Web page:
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How your business's credit score can affect your energy bills

Did you realise you could be paying more for your business's gas and electricity if you have a low credit score?


Most consumers know that their credit score can affect their ability to access loans - and the same can be said of SME owners who are trying to secure finance.

However, our research indicates that many small businesses aren't aware of the fact that their credit ratings can also impact on their energy bills, and there's a risk that they're paying over the odds for their gas and electricity as a result.

How does it work?

Unlike an individual's credit score, a company's is based on how likely it is to go out of business within the next year. Each SME is rated on a scale of 1-100, with higher numbers indicating that a firm is in a stronger financial position.

It's important to realise that your business's credit rating is not fixed - it's a variable number, and while numerous agencies will use different methods to calculate your score, it's vital to ensure it's as high as possible.

What impact can a low score have on my energy bill?

Energy providers use credit ratings to determine the prices they are going to charge a business, and companies with a lower rating will have fewer options to choose from when it comes to selecting a gas or electricity deal. These contracts will almost invariably be more expensive, too.

The reason for this is that suppliers want to protect themselves against bad debt, so they will hit businesses that are at risk of going under with higher bills. It's a system that can often exacerbate any financial problems a small company might be facing, so it's imperative for SMEs to improve their credit score and get a better deal for their energy.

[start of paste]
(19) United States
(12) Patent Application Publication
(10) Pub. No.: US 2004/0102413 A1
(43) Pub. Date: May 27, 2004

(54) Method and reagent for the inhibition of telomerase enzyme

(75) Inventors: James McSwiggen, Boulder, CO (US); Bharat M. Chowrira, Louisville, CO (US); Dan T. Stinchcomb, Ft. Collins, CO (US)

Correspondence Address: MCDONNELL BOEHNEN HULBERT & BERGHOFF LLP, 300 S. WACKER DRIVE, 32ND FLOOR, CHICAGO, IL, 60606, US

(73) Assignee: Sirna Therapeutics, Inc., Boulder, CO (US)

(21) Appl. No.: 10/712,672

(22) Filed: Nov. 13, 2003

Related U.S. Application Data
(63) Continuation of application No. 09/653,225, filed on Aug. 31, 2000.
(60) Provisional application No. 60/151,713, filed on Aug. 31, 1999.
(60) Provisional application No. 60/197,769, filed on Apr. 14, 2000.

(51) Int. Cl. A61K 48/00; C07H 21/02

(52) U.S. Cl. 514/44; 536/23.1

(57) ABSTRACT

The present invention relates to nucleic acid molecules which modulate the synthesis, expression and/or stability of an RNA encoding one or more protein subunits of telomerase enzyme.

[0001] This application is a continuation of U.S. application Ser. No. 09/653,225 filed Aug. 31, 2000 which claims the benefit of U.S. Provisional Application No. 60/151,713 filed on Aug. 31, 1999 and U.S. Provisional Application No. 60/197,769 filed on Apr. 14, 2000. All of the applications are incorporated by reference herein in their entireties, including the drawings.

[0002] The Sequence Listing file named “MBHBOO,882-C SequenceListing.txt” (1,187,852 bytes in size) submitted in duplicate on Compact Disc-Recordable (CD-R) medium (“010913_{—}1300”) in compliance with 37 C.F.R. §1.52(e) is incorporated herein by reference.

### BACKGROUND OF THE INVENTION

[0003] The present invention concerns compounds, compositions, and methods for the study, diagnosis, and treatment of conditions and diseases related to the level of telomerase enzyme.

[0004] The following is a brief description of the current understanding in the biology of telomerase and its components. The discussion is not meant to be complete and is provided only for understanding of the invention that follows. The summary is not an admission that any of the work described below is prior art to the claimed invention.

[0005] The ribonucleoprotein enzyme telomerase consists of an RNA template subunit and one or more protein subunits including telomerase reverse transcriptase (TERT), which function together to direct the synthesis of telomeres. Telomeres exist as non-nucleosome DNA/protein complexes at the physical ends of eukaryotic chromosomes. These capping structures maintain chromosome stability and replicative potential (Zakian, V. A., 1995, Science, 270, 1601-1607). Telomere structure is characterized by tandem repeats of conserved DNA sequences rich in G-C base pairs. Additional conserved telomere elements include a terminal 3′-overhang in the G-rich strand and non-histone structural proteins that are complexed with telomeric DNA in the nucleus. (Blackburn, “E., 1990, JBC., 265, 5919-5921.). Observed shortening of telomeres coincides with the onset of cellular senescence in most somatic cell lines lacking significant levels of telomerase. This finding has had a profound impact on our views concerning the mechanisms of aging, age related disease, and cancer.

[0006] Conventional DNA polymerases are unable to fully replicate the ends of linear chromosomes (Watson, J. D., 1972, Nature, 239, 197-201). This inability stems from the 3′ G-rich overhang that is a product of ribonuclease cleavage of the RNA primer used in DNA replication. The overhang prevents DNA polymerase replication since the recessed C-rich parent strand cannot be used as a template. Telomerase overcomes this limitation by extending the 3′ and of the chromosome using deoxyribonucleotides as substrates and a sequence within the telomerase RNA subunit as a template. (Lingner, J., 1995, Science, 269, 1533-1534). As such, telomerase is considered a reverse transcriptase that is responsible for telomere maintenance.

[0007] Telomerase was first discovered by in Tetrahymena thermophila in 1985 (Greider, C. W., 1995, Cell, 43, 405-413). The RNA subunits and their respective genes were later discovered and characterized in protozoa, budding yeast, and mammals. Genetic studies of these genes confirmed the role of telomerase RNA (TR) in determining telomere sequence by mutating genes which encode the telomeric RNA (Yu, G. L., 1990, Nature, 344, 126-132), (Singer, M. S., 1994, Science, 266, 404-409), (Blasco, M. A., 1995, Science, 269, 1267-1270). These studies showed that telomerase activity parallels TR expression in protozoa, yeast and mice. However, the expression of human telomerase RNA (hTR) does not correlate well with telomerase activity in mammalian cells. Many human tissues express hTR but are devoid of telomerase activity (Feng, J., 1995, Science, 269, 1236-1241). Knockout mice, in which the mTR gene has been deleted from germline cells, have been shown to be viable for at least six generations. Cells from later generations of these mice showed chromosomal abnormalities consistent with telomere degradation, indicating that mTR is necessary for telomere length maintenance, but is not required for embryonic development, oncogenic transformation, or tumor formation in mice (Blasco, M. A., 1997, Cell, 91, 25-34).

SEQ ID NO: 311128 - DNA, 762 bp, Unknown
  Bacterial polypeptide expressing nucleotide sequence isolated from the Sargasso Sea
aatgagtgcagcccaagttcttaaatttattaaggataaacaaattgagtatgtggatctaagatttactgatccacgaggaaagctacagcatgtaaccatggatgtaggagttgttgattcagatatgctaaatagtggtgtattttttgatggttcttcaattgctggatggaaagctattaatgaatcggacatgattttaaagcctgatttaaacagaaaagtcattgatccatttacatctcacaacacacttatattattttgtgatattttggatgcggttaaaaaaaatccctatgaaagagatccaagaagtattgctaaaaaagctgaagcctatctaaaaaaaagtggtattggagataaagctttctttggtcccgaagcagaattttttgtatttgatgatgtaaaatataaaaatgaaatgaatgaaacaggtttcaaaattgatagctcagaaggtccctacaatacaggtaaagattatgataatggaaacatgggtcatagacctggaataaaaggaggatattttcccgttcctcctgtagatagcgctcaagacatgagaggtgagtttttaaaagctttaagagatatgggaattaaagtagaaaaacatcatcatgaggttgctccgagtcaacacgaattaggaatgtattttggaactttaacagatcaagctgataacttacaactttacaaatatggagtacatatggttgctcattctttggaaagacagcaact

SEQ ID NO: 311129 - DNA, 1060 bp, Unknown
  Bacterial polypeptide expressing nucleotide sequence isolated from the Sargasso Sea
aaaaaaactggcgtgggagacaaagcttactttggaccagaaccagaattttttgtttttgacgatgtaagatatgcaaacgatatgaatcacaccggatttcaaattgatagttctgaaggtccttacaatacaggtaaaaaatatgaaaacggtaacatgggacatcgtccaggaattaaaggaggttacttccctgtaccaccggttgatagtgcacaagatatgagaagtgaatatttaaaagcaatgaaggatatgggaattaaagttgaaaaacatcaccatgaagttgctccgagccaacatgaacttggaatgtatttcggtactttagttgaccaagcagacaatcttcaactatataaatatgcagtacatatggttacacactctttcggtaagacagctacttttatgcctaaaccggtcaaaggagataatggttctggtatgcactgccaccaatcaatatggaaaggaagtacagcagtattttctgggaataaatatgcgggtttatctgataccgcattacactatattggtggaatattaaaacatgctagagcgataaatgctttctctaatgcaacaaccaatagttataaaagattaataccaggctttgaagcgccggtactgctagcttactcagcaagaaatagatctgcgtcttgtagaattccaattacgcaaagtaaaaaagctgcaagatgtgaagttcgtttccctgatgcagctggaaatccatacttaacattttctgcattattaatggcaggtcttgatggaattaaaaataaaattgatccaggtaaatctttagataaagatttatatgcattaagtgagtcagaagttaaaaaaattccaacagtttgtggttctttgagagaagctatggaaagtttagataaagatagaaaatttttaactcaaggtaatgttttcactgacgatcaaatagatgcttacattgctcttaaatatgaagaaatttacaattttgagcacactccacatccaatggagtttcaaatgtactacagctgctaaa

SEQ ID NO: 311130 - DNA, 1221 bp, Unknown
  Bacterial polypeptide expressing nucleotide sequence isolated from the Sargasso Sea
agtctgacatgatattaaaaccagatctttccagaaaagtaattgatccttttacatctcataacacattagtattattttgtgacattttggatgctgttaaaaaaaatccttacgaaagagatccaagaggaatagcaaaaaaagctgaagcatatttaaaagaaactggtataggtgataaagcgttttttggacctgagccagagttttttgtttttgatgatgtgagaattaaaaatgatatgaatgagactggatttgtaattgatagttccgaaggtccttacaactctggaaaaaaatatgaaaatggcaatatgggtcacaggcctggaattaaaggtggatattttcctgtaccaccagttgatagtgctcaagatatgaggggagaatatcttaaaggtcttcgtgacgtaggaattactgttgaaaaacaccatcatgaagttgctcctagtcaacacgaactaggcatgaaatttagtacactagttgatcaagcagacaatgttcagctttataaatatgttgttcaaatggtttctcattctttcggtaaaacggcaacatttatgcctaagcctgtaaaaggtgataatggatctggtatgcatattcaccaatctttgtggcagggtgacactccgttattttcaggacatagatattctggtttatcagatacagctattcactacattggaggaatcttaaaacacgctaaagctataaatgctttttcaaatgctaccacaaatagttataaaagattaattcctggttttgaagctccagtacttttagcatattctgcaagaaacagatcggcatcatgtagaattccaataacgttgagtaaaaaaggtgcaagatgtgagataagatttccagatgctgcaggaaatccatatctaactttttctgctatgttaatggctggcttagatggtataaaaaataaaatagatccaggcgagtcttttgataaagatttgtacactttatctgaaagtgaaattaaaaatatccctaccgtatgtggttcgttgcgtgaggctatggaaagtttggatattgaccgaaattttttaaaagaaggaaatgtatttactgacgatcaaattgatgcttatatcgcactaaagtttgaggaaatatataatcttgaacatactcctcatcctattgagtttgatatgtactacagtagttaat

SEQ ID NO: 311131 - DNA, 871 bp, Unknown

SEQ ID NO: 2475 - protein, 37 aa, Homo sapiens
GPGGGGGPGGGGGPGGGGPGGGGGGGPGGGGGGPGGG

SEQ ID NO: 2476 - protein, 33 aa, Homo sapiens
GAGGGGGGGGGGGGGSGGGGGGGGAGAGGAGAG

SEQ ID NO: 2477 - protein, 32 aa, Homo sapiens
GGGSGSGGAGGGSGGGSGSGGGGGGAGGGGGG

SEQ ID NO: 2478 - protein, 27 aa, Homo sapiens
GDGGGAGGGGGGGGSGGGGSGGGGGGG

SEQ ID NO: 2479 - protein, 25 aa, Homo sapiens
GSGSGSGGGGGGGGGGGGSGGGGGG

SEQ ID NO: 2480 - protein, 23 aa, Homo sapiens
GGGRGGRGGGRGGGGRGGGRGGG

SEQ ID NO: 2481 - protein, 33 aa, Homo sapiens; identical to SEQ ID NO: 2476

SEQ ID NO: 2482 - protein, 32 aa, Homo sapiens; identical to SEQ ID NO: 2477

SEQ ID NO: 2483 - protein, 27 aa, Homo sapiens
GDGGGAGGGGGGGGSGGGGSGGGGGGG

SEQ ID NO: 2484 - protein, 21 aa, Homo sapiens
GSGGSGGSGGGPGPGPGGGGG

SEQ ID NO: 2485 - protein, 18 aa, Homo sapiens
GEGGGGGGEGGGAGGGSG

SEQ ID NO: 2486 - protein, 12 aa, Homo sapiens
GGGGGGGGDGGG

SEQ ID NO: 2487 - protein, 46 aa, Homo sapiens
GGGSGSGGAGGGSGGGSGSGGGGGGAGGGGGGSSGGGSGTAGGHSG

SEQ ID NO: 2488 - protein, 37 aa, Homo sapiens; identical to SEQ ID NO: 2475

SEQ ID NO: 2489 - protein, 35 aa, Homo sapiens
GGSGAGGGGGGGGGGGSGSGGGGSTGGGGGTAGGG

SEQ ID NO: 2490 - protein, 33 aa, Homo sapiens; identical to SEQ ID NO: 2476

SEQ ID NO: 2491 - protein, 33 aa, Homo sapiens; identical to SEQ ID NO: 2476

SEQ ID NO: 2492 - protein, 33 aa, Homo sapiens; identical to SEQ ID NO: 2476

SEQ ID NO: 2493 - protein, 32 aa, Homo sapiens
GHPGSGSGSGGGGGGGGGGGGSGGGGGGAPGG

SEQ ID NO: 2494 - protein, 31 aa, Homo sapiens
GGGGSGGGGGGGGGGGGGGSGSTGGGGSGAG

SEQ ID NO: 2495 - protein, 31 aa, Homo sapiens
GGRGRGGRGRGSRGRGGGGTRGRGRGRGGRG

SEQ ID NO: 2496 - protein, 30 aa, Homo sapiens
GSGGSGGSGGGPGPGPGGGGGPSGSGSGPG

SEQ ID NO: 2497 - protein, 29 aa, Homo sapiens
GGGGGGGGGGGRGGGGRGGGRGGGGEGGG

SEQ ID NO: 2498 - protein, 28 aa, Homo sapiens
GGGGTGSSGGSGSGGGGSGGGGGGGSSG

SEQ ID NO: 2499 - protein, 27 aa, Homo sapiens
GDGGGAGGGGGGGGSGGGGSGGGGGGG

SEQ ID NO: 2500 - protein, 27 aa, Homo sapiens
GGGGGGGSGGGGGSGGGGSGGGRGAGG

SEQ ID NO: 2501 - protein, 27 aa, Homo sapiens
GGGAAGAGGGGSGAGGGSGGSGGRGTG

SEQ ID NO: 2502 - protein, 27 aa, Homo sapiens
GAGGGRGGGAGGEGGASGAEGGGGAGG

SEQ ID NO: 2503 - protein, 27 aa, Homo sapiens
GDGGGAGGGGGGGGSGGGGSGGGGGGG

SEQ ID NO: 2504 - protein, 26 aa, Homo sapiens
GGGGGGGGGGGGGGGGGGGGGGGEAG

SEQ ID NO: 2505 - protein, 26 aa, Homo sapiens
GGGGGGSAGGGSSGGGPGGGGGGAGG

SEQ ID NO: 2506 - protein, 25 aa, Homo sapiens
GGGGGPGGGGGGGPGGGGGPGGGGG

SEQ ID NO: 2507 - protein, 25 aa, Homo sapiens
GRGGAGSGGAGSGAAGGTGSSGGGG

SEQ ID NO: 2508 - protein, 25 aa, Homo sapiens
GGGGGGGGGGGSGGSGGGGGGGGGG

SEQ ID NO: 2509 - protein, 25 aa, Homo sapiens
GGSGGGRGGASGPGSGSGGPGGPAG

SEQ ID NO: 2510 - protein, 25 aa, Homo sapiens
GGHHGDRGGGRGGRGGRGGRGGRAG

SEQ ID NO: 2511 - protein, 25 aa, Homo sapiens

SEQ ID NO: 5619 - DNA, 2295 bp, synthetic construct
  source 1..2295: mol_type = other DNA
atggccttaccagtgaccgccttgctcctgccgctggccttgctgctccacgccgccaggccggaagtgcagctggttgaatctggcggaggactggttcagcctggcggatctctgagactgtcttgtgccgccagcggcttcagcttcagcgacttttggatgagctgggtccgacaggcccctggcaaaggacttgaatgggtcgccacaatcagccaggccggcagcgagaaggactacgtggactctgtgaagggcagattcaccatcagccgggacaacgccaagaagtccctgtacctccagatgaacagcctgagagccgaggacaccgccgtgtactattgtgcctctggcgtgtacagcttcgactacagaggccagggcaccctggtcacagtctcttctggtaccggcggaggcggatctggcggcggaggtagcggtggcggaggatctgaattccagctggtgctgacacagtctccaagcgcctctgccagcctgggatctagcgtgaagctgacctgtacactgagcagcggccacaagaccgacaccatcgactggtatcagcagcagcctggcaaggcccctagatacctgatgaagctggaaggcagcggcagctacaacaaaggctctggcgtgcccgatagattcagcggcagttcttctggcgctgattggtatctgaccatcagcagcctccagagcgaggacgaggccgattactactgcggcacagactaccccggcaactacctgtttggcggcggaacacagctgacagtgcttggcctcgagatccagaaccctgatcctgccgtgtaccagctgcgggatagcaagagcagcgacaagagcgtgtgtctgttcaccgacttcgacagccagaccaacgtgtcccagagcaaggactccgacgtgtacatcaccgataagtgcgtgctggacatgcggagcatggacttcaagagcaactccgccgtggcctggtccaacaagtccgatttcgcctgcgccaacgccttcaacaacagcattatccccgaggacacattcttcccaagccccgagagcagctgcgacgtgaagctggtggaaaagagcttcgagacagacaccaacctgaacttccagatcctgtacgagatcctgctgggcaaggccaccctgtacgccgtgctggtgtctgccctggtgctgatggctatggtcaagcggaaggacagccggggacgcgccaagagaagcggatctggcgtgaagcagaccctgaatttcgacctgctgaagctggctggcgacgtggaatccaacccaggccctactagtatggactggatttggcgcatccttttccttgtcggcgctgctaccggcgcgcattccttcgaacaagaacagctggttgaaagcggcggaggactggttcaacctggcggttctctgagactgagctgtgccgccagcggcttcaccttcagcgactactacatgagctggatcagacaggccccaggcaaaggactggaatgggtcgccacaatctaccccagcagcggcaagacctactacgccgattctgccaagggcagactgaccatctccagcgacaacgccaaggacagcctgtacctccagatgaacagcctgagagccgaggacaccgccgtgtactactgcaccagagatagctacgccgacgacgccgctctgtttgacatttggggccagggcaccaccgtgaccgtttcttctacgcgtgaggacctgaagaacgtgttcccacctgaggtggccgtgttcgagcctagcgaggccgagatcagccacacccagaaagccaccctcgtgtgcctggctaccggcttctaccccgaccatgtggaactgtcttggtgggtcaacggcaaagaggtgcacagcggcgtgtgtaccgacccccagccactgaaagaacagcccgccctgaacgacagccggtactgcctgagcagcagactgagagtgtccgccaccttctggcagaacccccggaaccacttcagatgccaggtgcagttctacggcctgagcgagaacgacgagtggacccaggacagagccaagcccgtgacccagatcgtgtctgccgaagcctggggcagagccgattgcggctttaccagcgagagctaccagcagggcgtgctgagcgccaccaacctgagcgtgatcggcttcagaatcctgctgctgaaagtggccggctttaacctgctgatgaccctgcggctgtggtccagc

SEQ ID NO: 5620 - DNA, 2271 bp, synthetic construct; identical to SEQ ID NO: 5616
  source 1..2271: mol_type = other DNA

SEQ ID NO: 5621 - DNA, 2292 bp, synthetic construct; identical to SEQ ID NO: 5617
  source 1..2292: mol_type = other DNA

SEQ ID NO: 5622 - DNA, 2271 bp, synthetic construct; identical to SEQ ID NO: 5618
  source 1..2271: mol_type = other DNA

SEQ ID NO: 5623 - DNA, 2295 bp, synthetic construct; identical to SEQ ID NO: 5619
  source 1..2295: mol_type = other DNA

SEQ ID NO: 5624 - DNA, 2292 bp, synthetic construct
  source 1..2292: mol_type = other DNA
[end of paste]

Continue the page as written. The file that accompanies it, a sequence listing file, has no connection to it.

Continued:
Indeed, the stronger your business's rating, the higher chance you have of securing the best contracts for gas and electricity. Firms with scores above 40 tend to be well-placed to get themselves on cheaper energy tariffs.

What factors affect my company's credit score?

There are many aspects of your business that can affect its credit rating, with financial performance obviously being a big factor.

Here's a quick breakdown of the things you need to bear in mind:

  • Size - the size of your firm and the number of people you employee will be reflected in your credit rating.
  • Bills - businesses that have struggled to keep up with their bills in the past will have a lower credit score.
  • Finance - credit rating agencies take into account how many times you've applied for finance in the past, both successfully and unsuccessfully.
  • Groups - if your business belongs to a group, other companies that are part of this group will have an impact on your credit rating.
  • Demographics - where your firms is based can play a part in your score, as if the local area has a high rate of insolvencies then this doesn't bode well for fellow SMEs.
  • The history of your company's directors - if they're associated with businesses that are insolvent then this could reflect badly on your firm.

Can I find out my credit rating?

There are ways to find out your credit rating, and the best method for doing this is to contact one of the top credit agencies - the likes of Experian and Dun & Bradstreet both offer a comprehensive service.

It's likely you'll have to pay a small fee to access the information, but it's a worthwhile exercise - if you spot any mistakes you can have them rectified, and this could potentially improve your credit score.

Lastly, if you're worried about your rating and the impact it's having on your bills - especially if you're a new business - then talk to us to see how we could help.

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